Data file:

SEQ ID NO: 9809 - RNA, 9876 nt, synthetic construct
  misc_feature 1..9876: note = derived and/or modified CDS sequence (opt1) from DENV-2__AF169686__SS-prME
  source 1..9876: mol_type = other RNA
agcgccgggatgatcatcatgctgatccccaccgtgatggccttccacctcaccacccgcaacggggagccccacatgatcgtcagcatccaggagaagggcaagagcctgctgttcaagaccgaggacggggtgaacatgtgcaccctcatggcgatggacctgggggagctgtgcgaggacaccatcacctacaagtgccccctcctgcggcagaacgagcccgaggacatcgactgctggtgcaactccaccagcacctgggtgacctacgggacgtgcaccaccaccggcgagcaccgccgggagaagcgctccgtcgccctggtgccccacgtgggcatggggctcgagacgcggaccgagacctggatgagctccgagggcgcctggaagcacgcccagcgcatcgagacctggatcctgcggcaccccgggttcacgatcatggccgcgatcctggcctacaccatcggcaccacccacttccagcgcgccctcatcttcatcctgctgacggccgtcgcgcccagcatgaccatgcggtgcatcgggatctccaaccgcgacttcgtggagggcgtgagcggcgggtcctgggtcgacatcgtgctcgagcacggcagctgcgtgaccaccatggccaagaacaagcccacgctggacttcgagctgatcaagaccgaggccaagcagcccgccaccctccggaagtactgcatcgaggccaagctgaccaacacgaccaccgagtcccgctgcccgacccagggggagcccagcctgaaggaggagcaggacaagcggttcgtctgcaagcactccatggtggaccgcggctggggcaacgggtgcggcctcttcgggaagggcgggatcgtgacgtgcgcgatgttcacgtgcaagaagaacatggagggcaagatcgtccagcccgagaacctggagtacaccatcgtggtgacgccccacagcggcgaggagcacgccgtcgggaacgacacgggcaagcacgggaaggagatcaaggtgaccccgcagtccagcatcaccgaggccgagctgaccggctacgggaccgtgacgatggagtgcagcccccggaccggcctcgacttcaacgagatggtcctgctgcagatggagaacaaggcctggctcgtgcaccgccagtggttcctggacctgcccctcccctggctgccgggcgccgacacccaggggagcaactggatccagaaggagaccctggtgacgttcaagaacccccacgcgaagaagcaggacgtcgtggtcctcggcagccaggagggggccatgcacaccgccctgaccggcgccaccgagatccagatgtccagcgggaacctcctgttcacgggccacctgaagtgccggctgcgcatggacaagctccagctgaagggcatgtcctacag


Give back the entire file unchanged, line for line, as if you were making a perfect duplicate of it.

SEQ ID NO: 9809 - RNA, 9876 nt, synthetic construct
  misc_feature 1..9876: note = derived and/or modified CDS sequence (opt1) from DENV-2__AF169686__SS-prME
  source 1..9876: mol_type = other RNA
agcgccgggatgatcatcatgctgatccccaccgtgatggccttccacctcaccacccgcaacggggagccccacatgatcgtcagcatccaggagaagggcaagagcctgctgttcaagaccgaggacggggtgaacatgtgcaccctcatggcgatggacctgggggagctgtgcgaggacaccatcacctacaagtgccccctcctgcggcagaacgagcccgaggacatcgactgctggtgcaactccaccagcacctgggtgacctacgggacgtgcaccaccaccggcgagcaccgccgggagaagcgctccgtcgccctggtgccccacgtgggcatggggctcgagacgcggaccgagacctggatgagctccgagggcgcctggaagcacgcccagcgcatcgagacctggatcctgcggcaccccgggttcacgatcatggccgcgatcctggcctacaccatcggcaccacccacttccagcgcgccctcatcttcatcctgctgacggccgtcgcgcccagcatgaccatgcggtgcatcgggatctccaaccgcgacttcgtggagggcgtgagcggcgggtcctgggtcgacatcgtgctcgagcacggcagctgcgtgaccaccatggccaagaacaagcccacgctggacttcgagctgatcaagaccgaggccaagcagcccgccaccctccggaagtactgcatcgaggccaagctgaccaacacgaccaccgagtcccgctgcccgacccagggggagcccagcctgaaggaggagcaggacaagcggttcgtctgcaagcactccatggtggaccgcggctggggcaacgggtgcggcctcttcgggaagggcgggatcgtgacgtgcgcgatgttcacgtgcaagaagaacatggagggcaagatcgtccagcccgagaacctggagtacaccatcgtggtgacgccccacagcggcgaggagcacgccgtcgggaacgacacgggcaagcacgggaaggagatcaaggtgaccccgcagtccagcatcaccgaggccgagctgaccggctacgggaccgtgacgatggagtgcagcccccggaccggcctcgacttcaacgagatggtcctgctgcagatggagaacaaggcctggctcgtgcaccgccagtggttcctggacctgcccctcccctggctgccgggcgccgacacccaggggagcaactggatccagaaggagaccctggtgacgttcaagaacccccacgcgaagaagcaggacgtcgtggtcctcggcagccaggagggggccatgcacaccgccctgaccggcgccaccgagatccagatgtccagcgggaacctcctgttcacgggccacctgaagtgccggctgcgcatggacaagctccagctgaagggcatgtcctacag